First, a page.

Stirpe: Our planet’s future depends on our actions now

Assemblyman Al Stirpe

You don’t have to look very far to see the impact of climate change and its relation to public policy. Just look at the flooding throughout the Great Lakes, including our own Lake Ontario, where shoreside communities have suffered so much flooding that the governor declared a state of emergency.[1] Or ask the boaters on Seneca Lake, who for some weeks in recent seasons could not fit under bridges because of higher water levels than in past years.[2] The heavy rainfall we’ve seen this summer and over the past few years has caused water levels to rise everywhere, posing a serious threat to our region. This flooding can cause shoreline erosion and property damage, putting the 30 million people who live within the Great Lakes basin at risk.[3]

We can argue about local decisions that may be impacting water levels, but there is no doubt that climate change is a major contributor. That’s why it’s imperative that we come together and take action at every level.  This year, I fought for legislation that will reduce our carbon footprint and put us on a path toward a more sustainable future. While there’s still much to do, the major steps we took during the last legislative session will go a long way toward protecting Central New York families and hopefully inspire more conservation efforts nationwide.

To put New York State at the forefront in the fight against climate change, I helped pass the Climate Leadership and Community Protection Act (Ch. 106 of 2019). The law sets several goals to protect our planet’s future, including reducing greenhouse gas emissions by 85% by 2050, requiring that 70% of electricity be produced by renewable energy systems by 2030 and requiring 100% of the state’s electricity to be produced without emissions by 2040. It also invests in clean energy projects and promotes environmental justice.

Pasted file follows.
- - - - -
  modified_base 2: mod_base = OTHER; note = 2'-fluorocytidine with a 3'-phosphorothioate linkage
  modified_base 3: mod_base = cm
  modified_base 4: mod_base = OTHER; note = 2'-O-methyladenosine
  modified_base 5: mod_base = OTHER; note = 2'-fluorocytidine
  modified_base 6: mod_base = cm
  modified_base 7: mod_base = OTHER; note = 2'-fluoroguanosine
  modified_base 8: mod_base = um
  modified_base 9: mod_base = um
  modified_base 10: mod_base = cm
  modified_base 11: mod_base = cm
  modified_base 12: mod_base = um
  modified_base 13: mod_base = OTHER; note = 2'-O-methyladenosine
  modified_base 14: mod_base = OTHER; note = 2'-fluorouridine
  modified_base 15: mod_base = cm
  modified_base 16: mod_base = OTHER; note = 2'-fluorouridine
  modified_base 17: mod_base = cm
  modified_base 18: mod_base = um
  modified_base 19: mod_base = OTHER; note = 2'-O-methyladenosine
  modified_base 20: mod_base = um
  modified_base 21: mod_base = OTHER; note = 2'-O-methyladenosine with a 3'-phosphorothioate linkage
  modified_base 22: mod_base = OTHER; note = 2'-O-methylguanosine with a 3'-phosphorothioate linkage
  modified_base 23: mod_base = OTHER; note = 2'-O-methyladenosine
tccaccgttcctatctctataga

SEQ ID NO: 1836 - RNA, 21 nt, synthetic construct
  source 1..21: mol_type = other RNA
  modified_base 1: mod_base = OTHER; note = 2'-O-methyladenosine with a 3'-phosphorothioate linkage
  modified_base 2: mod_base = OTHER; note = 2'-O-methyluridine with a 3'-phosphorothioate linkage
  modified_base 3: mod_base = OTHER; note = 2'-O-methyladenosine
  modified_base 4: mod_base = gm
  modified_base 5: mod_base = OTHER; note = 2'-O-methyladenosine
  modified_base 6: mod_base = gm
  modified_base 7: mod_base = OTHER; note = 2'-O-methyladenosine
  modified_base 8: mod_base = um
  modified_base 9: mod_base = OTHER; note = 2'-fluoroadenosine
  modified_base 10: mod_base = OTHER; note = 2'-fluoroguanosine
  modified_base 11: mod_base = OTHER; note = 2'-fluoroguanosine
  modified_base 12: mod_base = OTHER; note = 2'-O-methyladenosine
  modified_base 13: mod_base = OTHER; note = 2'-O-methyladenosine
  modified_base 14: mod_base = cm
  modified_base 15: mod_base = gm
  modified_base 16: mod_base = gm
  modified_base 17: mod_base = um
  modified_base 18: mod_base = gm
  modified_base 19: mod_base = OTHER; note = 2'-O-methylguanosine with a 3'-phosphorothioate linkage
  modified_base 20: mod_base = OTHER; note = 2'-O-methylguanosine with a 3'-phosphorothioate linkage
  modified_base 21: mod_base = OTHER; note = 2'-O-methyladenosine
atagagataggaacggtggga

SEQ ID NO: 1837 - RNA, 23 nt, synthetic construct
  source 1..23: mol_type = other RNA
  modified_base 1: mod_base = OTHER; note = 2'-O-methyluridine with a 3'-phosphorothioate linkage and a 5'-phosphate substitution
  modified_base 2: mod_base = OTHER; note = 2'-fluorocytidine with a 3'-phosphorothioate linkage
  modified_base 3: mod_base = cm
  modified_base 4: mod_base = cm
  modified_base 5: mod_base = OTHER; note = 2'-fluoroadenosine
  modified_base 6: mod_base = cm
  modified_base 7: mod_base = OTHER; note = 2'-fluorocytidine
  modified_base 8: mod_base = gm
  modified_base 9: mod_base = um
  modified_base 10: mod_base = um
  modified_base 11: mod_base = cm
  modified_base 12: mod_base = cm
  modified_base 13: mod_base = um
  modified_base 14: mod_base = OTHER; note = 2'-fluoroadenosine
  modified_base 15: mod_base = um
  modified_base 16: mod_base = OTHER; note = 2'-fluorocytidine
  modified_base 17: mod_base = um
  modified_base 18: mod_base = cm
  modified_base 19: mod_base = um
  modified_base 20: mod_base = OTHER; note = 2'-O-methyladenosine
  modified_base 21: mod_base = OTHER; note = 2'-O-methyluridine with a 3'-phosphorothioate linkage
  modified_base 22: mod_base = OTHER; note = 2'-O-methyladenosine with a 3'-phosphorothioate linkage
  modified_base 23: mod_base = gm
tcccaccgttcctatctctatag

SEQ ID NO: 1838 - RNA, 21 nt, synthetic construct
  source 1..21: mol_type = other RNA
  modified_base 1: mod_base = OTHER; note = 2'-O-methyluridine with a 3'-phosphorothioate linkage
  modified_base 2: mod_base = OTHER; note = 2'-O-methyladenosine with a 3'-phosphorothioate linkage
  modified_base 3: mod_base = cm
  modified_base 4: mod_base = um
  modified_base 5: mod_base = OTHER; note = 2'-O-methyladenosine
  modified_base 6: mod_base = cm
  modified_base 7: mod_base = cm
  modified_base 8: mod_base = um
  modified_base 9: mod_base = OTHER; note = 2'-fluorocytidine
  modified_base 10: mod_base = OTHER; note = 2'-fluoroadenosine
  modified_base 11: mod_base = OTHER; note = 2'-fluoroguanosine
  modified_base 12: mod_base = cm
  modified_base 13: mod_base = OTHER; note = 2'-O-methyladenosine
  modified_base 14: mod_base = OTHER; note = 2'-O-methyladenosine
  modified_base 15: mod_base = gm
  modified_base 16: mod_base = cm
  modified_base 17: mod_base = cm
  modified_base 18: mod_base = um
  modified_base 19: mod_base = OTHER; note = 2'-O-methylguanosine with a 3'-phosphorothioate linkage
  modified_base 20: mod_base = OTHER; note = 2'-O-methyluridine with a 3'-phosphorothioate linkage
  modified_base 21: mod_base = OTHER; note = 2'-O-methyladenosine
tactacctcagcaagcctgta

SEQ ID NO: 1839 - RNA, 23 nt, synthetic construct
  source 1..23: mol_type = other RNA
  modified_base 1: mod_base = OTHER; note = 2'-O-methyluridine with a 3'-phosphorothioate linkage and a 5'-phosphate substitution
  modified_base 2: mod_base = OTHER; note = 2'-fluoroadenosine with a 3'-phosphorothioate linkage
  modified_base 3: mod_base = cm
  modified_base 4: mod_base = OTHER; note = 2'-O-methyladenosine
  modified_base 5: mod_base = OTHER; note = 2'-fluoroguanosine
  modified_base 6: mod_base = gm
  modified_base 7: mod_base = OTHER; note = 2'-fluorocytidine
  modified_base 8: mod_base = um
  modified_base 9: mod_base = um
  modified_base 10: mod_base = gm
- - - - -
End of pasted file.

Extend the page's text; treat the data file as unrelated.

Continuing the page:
Are these goals lofty? Absolutely. But we will need bold solutions to overcome this challenge. Some also complain that we are just one state, and that the problem is bigger than us. That is true. Climate change is a global challenge, but we must do our part. We have a responsibility to show the rest of the country and the world that the goals of the Climate Leadership and Community Protection Act are possible. The consequences of avoiding these actions over unwarranted economic fears are too grim to imagine.

This groundbreaking law capped off our many environmental victories this past year, including a statewide ban on most single-use plastic bags to clean up our neighborhoods and waterways (Ch. 58 of 2019). And to protect our marine life and keep New York’s waters clean, we banned offshore oil and gas drilling in our state’s coastal waters (Ch. 29 of 2019). These laws show that New York State is not backing away from its commitment to safeguarding our natural resources and protecting public health.

Additionally, I helped pass measures to combat the dangers that harmful chemicals pose to our families and the environment. I passed legislation that ensures mercury-added lightbulbs don’t contain excessive amounts of mercury (A.2501-A) and also co-sponsored a measure establishing a post-consumer paint collection program so we can easily dispose of unwanted paint in an environmentally friendly manner (A.6373). These measures passed both the Assembly and Senate, and I’m hopeful that the governor will sign them into law soon.

We can’t bury our heads in the sand and ignore the effects of climate change – they’re happening right now all around us and are only going to get worse if we don’t act. And although we’ve made great strides, there’s still so much more that needs to be done to protect our planet now and for future generations. I’ll continue working to ensure our environment is a clean and healthy place for Central New Yorkers to call home.

As always, my door is open. If you have questions or concerns about this or any other community issue, please don’t hesitate to reach out to my office at 315-452-1115 or StirpeA@nyassembly.gov.

[1] scientificamerican.com/article/climate-change-sends-great-lakes-water-levels-seesawing

[2] fltimes.com/news/concerns-raised-over-water-level-of-seneca-lake/article_518a9cc1-f5ab-50d0-bf73-da0dbdc1816c.html

[3] scientificamerican.com/article/climate-change-sends-great-lakes-water-levels-seesawing

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